I believe it is possible to speak about a “secularization” of the Social Doctrine of the Church. In so saying I am naturally referring not to the texts of the Church, but to the way they are interpreted and used. This secularization of the Social Doctrine of the Church consists in presenting it especially as a sort of secular teaching, a proposal for the construction of a society open to all, and which, in order to be embraced by all, must not involve all the doctrinal richness of the Catholic faith. In other words, it would also be possible to speak about a ‘horizontalization’ of the Social Doctrine of the Church, with the discarding or downplaying of its religious elements in order to bring the more secular and profane ones to the forefront.
This secularization of the Social Doctrine of the Church seems to have forgotten that the aim of this doctrine is the ordering of temporal things to God, to His creative and salvific plan. It is therefore in blatant opposition with the selfsame reasons why this social doctrine saw the light of day, that being to respond to an anguished craving for the attainment of the world’s complete autonomy in order to reiterate that without God not even earthly society may be constructed.
Often evoked in this process of this secularization of the Social Doctrine of the Church is Vatican Council II and the new relationship it would have established with the world. No matter from which viewpoint or vantage point Vatican II is examined, however, ever emerging in the centrality of God. The emergency of the anthropological dimension, a legitimate positive evaluation of the autonomy of earthly realities, and recognition of conscience and liberty not as the world understands it, but as the Catholic faith understands it, in no way eliminate God from the construction of the world. Moreover, the selfsame and so-called ‘pastoral’ intention of the Council was destined to make God ever more present in the world and not less so. And the intention certainly wasn’t to replace God with man.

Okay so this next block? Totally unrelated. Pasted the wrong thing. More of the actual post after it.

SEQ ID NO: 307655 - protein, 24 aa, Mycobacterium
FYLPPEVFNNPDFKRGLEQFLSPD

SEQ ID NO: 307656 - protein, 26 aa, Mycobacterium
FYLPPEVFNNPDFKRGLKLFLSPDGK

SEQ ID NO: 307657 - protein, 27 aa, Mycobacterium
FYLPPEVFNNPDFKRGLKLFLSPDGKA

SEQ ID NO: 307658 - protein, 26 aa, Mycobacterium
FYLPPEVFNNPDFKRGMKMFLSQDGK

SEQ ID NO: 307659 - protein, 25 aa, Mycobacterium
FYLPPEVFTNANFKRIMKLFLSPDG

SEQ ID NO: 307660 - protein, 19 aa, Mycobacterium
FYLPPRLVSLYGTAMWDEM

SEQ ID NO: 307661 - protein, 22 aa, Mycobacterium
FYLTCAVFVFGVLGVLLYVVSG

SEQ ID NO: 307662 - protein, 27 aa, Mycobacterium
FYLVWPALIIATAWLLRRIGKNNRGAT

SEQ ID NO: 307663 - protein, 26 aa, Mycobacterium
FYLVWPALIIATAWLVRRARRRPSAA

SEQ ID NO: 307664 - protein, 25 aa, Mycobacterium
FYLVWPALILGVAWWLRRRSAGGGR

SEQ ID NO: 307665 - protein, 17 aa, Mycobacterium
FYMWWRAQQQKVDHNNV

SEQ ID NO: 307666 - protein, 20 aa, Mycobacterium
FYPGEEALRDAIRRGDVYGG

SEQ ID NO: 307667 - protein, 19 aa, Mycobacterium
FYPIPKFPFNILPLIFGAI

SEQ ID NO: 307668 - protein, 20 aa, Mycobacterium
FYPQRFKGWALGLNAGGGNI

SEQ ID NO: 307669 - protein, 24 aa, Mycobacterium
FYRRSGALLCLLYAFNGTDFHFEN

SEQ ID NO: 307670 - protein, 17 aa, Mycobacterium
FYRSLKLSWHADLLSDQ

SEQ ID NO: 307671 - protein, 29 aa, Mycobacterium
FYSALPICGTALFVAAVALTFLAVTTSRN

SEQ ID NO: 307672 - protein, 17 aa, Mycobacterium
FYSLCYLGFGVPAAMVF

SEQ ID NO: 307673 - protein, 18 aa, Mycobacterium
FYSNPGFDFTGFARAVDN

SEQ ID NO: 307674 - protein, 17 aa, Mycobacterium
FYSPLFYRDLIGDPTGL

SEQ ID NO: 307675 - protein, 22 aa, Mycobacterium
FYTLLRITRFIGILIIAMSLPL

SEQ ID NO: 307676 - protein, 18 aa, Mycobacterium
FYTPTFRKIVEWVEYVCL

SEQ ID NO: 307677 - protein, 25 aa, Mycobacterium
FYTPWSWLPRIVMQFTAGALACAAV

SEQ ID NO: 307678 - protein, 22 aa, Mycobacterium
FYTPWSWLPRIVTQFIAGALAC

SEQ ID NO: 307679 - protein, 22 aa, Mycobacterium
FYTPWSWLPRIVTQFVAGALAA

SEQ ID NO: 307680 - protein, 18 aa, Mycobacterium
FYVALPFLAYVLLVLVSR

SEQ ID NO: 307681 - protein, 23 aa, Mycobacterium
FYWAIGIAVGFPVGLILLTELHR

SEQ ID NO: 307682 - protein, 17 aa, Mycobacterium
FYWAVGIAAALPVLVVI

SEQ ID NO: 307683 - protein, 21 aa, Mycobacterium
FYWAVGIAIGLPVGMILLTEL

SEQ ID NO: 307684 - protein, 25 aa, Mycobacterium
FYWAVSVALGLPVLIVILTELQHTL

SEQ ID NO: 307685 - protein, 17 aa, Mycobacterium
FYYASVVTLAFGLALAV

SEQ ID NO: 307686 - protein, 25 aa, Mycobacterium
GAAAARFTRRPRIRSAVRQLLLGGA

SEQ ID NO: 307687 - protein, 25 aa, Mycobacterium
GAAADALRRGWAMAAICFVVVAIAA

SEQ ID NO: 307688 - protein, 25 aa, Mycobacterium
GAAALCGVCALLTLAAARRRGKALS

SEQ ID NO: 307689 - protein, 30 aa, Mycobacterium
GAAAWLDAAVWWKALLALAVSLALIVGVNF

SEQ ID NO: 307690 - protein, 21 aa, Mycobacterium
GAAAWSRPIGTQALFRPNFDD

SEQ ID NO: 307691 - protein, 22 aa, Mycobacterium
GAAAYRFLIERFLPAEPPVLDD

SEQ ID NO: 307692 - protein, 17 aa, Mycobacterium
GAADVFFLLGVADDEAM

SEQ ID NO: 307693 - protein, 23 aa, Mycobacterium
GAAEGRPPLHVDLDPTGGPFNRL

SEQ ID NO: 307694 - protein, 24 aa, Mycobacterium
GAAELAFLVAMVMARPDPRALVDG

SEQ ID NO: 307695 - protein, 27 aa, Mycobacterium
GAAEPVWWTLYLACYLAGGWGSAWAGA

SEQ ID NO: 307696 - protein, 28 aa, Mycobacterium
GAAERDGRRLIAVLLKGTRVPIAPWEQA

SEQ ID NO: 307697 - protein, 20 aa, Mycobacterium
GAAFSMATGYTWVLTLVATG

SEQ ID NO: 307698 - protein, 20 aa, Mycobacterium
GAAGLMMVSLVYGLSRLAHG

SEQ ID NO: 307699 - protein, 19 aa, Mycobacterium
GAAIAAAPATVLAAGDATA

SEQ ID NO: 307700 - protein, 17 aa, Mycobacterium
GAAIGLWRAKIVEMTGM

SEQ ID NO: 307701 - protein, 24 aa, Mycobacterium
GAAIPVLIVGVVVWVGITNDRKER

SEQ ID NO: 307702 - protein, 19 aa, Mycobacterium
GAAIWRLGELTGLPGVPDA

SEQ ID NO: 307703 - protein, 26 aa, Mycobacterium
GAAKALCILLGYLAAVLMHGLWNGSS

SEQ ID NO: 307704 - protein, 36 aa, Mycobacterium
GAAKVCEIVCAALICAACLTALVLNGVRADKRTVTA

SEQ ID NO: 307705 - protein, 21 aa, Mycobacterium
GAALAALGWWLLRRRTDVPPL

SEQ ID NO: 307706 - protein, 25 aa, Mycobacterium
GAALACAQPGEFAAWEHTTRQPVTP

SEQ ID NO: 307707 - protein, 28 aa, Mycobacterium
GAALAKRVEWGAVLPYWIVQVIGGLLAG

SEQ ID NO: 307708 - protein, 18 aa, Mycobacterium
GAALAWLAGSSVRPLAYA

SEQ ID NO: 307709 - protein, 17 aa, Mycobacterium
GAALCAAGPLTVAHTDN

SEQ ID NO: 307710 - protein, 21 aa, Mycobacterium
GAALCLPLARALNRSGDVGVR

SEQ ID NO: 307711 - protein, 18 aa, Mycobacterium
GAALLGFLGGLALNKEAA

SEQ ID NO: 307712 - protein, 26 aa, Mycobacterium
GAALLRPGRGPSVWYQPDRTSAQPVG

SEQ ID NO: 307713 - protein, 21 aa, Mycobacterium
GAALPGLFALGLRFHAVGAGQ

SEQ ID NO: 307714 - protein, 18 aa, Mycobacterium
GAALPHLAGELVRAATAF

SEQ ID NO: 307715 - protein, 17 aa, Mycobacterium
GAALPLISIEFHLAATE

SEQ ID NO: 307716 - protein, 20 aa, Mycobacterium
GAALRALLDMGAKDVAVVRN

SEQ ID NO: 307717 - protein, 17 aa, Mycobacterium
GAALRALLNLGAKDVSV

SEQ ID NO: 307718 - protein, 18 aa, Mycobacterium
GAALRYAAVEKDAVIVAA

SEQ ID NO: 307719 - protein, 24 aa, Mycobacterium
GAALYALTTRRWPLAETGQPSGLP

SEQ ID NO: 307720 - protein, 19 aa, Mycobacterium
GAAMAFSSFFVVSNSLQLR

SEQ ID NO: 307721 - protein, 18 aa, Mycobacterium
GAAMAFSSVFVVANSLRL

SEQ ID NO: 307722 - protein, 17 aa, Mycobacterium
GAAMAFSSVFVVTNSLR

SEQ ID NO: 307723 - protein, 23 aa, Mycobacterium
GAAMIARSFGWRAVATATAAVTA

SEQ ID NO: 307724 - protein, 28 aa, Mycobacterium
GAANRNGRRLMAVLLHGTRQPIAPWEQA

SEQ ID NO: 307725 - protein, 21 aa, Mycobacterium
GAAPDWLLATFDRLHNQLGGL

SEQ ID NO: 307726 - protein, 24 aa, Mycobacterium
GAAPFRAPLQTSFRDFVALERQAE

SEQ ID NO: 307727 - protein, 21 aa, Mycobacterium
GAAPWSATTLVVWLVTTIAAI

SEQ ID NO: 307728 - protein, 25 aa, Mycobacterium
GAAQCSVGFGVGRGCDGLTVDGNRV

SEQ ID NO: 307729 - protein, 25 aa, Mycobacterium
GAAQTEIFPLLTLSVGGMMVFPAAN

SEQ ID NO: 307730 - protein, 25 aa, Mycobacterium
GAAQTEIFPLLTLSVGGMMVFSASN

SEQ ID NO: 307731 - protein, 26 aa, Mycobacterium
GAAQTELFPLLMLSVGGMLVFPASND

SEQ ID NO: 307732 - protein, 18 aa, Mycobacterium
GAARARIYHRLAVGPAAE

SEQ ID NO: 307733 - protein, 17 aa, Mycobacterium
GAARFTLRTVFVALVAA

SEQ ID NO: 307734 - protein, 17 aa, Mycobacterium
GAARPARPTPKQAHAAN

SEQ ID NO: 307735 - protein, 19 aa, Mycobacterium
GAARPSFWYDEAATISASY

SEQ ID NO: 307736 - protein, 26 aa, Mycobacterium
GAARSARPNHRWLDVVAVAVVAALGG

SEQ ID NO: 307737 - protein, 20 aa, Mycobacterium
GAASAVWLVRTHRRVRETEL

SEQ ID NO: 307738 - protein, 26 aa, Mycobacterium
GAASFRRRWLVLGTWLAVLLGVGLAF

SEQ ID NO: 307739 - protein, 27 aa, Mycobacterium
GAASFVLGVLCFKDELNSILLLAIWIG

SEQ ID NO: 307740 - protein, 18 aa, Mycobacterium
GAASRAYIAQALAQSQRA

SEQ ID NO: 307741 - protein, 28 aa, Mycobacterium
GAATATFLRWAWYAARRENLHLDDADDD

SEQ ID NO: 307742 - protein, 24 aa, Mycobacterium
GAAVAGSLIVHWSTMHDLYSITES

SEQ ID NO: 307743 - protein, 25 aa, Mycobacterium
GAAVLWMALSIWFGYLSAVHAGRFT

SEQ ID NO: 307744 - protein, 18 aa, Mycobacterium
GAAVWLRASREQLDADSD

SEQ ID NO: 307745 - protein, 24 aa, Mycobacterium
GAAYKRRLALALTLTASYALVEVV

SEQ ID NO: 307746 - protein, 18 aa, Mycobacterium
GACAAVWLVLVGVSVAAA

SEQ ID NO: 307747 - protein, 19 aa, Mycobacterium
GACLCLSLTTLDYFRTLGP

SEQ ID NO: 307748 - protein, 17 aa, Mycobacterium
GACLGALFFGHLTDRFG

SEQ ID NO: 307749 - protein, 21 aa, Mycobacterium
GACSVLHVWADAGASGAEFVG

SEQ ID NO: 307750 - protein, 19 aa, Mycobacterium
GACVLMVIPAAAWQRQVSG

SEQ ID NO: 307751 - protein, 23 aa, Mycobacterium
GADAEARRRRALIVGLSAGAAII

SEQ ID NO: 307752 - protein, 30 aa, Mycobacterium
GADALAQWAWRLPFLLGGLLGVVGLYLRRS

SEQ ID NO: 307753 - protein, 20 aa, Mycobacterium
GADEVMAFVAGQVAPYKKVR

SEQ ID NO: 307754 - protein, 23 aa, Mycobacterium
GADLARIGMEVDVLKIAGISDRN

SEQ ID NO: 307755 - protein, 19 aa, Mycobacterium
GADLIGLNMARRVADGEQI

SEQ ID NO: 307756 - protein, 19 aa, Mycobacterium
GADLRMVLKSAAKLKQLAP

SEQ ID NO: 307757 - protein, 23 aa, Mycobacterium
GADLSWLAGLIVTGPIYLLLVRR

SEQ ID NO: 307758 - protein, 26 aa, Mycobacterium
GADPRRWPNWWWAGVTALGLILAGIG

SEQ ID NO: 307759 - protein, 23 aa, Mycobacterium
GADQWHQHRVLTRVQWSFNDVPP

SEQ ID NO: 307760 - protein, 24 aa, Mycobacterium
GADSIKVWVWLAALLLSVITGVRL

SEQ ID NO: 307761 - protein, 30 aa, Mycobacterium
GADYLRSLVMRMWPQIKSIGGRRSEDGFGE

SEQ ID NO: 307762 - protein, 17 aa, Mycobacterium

Especially in some of its expressions, Christian personalism may have been a cause of the secularization of the Social Doctrine of the Church. If taken on their own and isolated from all the rest, even some phrases of Vatican II itself could lend themselves to conveying excessive personalism, almost as if the main subject and end of society was the human person and not God. True Catholic personalism, however, does not replace God with man, and this is something that has been taught by all the post Conciliar pontiffs.